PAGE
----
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Thread: Pump Question

  1. #1
    DIY Junior Member S Fields's Avatar
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    Default Pump Question

    Some of you may have read my post about the sulfur situation. I bought a LaMotte sulfur test kit and it is between 18 - 20ppm at the well and 5ppm at the faucet after going through peroxide and carbon. My wife and I have about decided to go a separate route, because we're afraid the high sulfur content is going to continue causing us problems.

    There's a natural spring that is approx 200 ft from the house in the edge of the woods. We found this after the well was drilled, and believe it was the water source for the house that was previously on this land. There's a 2ft x 2ft square concrete casing down where the spring is at. It sticks up about a foot above ground, and the water level is about 6" down from the top. I got post hole diggers and dug mud and debris out to about 4 ft deep before hitting what "feels" to be a rock bed. I got a 5 gallon bucket and dumped about 80 gallons of water out, trying to get closer to the bottom. It filled all the way back up in 4 minutes. It appears to have a very good source feeding it.

    We're thinking about using this as our water source and bypassing the "the well from hell" completely. Its approx. 200ft from the house (horizontally) and about 10 - 12ft below the house level (vertically), counting the sloped landscape.

    What kind of pump should we be looking into, if we go this route? Where would it need to be placed?

    Thanks for any advice!

  2. #2
    In the Trades Tom Sawyer's Avatar
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    Do yo mean for your drinking water and such? A ground water well like that was probably abandoned because of the constant fear and possibility of contamination both chemical and biological.
    [B]No, plumbing ain't rocket science. Unlike rocket science, plumbing requires a license[B]

  3. #3
    DIY Junior Member S Fields's Avatar
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    We're getting it tested... and wouldn't be drinking it.

  4. #4
    In the Trades Tom Sawyer's Avatar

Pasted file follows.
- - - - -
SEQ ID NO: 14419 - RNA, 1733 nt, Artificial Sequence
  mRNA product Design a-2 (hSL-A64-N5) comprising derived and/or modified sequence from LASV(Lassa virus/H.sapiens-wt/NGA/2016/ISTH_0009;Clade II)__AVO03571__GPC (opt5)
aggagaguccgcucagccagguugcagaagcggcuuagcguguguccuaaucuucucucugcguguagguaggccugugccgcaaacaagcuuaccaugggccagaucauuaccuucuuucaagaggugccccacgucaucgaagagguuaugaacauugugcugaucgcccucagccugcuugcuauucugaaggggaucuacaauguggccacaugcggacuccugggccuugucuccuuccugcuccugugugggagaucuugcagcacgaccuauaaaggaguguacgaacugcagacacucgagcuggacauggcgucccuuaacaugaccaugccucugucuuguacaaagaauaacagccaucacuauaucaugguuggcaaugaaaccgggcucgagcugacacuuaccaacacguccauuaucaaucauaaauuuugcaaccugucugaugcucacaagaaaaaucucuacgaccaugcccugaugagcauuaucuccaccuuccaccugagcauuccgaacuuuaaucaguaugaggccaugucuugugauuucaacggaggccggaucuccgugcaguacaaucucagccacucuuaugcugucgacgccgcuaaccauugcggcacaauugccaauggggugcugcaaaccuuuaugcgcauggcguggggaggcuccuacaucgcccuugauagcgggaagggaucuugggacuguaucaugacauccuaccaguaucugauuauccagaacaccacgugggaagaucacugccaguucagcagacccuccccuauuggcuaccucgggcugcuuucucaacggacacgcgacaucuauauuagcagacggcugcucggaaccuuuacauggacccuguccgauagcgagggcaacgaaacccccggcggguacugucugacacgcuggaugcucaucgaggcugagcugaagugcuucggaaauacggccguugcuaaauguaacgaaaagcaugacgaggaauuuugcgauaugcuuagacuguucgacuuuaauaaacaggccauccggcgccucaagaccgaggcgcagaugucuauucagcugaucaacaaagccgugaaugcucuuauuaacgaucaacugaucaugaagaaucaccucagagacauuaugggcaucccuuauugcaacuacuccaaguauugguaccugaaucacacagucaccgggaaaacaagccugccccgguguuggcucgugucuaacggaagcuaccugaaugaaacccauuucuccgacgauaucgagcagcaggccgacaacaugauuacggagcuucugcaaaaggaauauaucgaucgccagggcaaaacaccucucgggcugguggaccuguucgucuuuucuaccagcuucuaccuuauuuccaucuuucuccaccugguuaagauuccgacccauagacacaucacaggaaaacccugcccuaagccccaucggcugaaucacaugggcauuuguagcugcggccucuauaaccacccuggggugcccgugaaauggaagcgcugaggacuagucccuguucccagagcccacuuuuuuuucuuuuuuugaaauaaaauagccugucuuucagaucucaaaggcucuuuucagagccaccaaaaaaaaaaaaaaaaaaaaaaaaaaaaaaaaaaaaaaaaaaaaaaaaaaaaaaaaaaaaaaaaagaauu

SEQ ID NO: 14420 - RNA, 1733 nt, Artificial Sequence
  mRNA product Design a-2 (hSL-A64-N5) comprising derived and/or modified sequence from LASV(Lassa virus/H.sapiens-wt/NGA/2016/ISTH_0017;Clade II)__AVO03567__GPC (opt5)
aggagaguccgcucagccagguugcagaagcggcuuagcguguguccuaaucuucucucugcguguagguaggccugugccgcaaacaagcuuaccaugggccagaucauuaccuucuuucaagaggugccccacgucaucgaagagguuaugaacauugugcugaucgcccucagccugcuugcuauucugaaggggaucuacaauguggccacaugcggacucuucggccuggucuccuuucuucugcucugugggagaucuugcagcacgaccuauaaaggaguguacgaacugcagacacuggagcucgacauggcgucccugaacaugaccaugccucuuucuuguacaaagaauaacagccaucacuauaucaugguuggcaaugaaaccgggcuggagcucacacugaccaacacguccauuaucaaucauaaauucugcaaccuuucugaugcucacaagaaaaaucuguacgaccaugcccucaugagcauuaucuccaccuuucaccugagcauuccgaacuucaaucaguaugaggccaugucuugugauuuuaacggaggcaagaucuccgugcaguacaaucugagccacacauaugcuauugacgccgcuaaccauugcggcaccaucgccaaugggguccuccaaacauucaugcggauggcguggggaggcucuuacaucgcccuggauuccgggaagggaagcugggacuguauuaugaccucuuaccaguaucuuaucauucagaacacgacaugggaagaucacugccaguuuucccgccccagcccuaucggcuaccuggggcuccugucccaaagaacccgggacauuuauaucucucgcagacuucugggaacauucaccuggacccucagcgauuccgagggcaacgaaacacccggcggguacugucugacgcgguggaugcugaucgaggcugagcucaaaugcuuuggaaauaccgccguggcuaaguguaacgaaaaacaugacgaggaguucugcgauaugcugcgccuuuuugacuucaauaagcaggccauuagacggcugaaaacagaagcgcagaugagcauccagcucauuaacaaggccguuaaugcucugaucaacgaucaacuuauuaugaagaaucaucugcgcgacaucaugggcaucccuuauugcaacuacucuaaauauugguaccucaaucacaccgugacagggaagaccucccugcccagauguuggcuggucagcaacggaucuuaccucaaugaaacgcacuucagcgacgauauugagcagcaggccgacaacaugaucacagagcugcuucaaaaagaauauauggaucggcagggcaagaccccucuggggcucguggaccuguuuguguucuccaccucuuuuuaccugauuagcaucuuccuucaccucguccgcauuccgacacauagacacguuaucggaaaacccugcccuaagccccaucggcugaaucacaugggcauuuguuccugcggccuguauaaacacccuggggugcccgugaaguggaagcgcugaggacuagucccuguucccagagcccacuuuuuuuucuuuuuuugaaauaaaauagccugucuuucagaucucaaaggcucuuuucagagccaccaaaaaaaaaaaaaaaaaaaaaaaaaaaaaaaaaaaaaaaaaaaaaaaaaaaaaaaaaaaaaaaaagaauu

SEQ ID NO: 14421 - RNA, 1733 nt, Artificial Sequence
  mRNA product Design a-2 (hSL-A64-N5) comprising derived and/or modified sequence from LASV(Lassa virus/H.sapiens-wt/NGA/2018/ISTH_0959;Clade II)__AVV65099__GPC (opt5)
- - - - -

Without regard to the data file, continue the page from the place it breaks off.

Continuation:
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    Even if you are not drinking it you would still have it piped into the house where perhaps the next owners would not be conscious of any contamination or the future possibilities of contamination. Check with your local or state agency and see if it's even legal because around here it ain't. It's a bad idea. Too be sure, you would have to test it a half dozen times a year or more. Yo have no idea what may wash down from upstream.
    [B]No, plumbing ain't rocket science. Unlike rocket science, plumbing requires a license[B]

  5. #5
    DIYer, not in the trades LLigetfa's Avatar
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    Given that the water level in the casing is higher than the ground suggests that it is spring fed from a depth, but the fact that it filled up with mud suggests it is not sealed well enough and that surface water is getting in at times. The mud also suggests that the spring does not always flow and that at times surface water is draining into it.

  6. #6
    General Engineering Contractor ballvalve's Avatar
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    PUMP or siphon the spring for a week, flush it out, make a bug proof cap, and THEN test. You can even run it through your peroxide boon-doggle, and perhaps polish it up. It might become the best drinking water in the neighborhood.

    You can run it through a UV set up and easily make it drinkable if some contamination remains.

    If higher than the house, the pump can be at the house, but better to put a small submersible in the tank, or better yet get a backhoe and a guy that knows springs and install a quality pick up spot.

  7. #7
    Porky Cutter,MGWC Porky's Avatar
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    KISS (Keep it simple stupid). It appears to be a spring that filled in for some reason? Since it recovers fast I'd install a submersible pump in the well, the pumps intake will be about 12" to 16" from the well bottom. Seal the well at the top and run the line and electric wire to the tank and pressure switch in some protected place in or near the house. To make an even better system install a Cycle Stop Valve between the pump and the pressure switch and tank. Chlorinate the well and pump system and then have it tested for coliform bacteria if you like. As Tom suggests, you may want to
    check with your local or state agency and see if it's legal
    to have this type of set up!
    Porky Cutter, MGWC
    (Master Ground Water Consultant)

  8. #8
    General Engineering Contractor ballvalve's Avatar
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    here are some bottom suction submersible pumps that you may need in a shallow basin.

    http://www.rainfilters.com/rainfilte...ion-pumps.html

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